Are you sitting down? Perhaps still in bed. Good.

Because although many of you know this, many do not.

The sainted Ronald Reagan, once president of the United States, was a union member. In fact, he belonged to at least two unions at the same time. Without his union memberships, he couldn’t have been hired by General Electric as a spokesman. Which is what, really, first introduced him to the wider American public.

Not only was Mr. Reagan a union member, he was president of one of his unions.

Clearly those in state legislatures who revere his memory have either forgotten this or are too young even to have known about it.

We mention this, of course, in the wake of anti-union legislation passed this week in the state of Michigan with the approval and signature of that state’s governor, Rick Snyder.

Today we wonder how many of Michigan’s state representatives and senators had forbearers with union membership. Say, for example, between the years of 1940 to 1980.

How many fathers, not to mention mothers, were enrolled in unions in Michigan in those years when unions were strong. Without them the then burgeoning middle-class couldn’t have exploded into a consumer nation that now, while not anti-union, prefers to think of unions as trouble-makers, job-thiefs, people who greased the skids for outsourcing, or off-shoring, as Mr.Romney liked to call it.

It is completely true that the unions in this country have often behaved like bullies, forcing settlements in their favor by threatening to strike vital industries and manufacturing plants. Through strike threats and walkouts and sitdowns and demonstrations of all kinds, unions were the bad guys.

And it is completely true that unions extracted billions of dollars from otherwise reluctant employers so that their children could be clothed, fed, schooled, and sent into the world as other children were.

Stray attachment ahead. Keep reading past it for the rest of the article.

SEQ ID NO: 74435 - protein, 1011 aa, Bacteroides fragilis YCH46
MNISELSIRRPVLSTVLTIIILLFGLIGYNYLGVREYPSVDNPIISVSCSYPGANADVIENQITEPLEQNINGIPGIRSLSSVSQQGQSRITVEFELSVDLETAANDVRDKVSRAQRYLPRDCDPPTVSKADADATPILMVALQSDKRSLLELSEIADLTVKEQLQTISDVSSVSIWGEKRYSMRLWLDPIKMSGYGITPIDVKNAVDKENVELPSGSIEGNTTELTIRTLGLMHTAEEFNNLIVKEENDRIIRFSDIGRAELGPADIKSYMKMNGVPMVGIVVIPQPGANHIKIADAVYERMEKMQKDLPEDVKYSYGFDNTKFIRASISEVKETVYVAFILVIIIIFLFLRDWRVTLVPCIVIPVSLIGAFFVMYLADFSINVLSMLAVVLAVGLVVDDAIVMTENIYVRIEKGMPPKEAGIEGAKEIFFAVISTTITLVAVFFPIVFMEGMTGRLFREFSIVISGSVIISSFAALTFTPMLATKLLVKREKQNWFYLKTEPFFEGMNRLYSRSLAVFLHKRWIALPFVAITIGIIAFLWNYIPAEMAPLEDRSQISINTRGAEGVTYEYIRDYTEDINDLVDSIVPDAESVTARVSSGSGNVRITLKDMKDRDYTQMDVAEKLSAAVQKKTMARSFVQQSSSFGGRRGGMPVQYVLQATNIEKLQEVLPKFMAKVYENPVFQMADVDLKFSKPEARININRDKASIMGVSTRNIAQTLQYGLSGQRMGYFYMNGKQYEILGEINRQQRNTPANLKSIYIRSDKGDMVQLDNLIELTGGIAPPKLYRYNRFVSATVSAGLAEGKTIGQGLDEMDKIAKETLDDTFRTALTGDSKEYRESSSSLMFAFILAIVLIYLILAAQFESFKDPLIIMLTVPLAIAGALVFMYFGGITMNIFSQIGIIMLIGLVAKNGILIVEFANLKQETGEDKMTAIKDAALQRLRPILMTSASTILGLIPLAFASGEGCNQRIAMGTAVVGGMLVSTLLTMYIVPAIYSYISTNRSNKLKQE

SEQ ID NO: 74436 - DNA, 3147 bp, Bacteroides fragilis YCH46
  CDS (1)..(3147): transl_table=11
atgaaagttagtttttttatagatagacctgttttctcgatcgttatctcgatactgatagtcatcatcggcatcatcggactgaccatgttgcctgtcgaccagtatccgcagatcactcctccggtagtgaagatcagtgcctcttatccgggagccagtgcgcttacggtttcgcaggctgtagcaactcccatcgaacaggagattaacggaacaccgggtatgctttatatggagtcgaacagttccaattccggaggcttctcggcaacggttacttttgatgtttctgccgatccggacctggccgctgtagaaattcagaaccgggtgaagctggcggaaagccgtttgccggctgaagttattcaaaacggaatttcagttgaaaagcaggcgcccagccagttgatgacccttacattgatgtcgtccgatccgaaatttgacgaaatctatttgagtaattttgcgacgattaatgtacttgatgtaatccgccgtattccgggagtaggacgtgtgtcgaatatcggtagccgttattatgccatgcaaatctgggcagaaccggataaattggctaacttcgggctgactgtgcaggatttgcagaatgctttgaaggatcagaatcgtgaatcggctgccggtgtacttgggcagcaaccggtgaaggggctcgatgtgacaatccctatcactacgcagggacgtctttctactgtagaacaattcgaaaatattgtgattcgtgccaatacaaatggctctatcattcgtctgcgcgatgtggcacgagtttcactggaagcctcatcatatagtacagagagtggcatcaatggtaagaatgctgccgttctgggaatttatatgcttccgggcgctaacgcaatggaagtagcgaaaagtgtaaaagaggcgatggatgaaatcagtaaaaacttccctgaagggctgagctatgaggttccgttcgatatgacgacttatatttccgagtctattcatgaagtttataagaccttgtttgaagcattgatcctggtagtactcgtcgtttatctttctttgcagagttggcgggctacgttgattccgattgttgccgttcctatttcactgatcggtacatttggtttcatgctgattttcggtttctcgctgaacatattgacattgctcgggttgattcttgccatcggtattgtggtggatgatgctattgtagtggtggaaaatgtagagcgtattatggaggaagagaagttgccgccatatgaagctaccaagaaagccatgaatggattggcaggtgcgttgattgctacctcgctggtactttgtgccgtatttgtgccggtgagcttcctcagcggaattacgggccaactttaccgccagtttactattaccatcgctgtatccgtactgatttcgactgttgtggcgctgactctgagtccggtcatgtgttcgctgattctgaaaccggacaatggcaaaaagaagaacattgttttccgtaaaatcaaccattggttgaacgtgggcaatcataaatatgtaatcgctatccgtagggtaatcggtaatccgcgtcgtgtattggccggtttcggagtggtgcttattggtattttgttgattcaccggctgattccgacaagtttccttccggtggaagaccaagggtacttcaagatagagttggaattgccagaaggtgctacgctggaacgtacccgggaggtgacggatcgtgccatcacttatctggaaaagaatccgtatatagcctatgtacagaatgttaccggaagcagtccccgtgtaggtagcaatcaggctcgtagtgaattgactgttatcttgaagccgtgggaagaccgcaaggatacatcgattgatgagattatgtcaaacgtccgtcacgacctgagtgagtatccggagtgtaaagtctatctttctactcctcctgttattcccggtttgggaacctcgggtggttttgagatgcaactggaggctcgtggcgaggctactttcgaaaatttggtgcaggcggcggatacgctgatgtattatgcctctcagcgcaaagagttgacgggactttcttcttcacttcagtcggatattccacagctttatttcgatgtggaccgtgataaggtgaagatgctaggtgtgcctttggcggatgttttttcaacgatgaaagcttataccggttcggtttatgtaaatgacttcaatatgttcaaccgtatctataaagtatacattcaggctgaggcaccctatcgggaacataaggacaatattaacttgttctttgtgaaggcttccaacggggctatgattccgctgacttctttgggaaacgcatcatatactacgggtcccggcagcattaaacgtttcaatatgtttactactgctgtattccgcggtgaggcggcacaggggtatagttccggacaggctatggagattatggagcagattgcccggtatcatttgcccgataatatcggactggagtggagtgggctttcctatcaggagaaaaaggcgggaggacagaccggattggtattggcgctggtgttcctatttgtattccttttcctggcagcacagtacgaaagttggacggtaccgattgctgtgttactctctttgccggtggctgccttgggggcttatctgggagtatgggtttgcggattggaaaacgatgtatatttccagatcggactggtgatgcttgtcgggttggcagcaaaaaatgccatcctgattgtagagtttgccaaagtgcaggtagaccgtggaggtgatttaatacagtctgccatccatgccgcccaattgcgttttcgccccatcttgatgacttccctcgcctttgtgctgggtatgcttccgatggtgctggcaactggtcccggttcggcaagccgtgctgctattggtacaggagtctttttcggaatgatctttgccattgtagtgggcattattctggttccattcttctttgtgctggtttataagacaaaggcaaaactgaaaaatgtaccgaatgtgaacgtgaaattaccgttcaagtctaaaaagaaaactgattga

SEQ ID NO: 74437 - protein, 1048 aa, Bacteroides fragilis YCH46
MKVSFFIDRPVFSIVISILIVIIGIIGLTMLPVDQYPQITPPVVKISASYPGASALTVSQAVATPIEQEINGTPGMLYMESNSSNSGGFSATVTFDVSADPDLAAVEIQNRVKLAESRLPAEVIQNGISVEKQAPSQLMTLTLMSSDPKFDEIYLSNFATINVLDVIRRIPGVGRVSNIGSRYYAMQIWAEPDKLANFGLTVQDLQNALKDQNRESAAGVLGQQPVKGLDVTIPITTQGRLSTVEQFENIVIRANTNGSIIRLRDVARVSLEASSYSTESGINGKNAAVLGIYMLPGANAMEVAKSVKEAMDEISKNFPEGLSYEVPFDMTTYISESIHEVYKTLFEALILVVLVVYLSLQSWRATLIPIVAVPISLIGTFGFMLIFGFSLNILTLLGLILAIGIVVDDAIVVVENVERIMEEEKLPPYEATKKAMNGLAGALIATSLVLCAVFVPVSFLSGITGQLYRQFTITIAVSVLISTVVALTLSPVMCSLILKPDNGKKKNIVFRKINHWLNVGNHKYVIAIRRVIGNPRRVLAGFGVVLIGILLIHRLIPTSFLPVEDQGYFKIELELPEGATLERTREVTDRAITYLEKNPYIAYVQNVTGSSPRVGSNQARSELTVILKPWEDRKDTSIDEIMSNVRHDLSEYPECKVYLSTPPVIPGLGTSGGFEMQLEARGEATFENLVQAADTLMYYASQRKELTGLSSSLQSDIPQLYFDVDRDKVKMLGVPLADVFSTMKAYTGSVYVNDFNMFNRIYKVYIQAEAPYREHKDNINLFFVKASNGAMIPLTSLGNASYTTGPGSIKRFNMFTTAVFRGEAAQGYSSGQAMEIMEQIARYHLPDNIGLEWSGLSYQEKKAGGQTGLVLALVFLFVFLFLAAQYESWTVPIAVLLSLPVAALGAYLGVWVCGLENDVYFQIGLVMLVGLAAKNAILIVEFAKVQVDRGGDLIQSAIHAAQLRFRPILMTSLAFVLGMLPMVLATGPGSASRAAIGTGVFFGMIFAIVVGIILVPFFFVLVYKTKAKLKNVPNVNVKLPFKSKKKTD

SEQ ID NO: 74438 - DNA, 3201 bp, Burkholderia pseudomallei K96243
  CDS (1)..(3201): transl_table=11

This, of course, ignores the many, many instances of unions who were ripped off by their very own officers.

But today we want to call up from the recesses of our memories those names of parents, grandparents, aunts and uncles who did once belong to the United Auto Workers union, the Confederation of Labor, the Teamsters, and unions that oversaw the working conditions of teachers, nurses, actors, postal workers, government bureaucrats, writers, song-writers, directors and producers, miners, longshoremen, steel workers.

None of us should be embarrassed by these former union members. We should rather be proud of their unity and purpose, because without those two things, this country would be far from what it is today.

The legislation in Michigan, which makes that state a “right to work” state, should not have come as a surprise to alert voters there. Despite the fact that Governor Snyder all along said that union-busting was not on his agenda, there were road signs aplenty that for him to do so was not far off the highway.

Mr. Snyder had earlier in the year decided that the pride of America – one man, one vote – was out-of-date. He created Emergency Fiscal Managers who were given the absolute power to overrule budgets, proposals, plans put forward by the electorate. With a sweep of their pens, Snyder’s new fiscal czars could simply erase everything people had favored legally at the ballot box. Whole townships, entire educational systems, complete community-directed programs ceased to be democratic, with a small d.

Which is to say, you went out in November to vote for your city councilmen, or your local school board members, and later, on whatever pretext he can find, the Governor disagrees with your choices and declares a fiscal emergency, appointing an Emergency Manager to take over and do what he (the governor) wanted in the first place.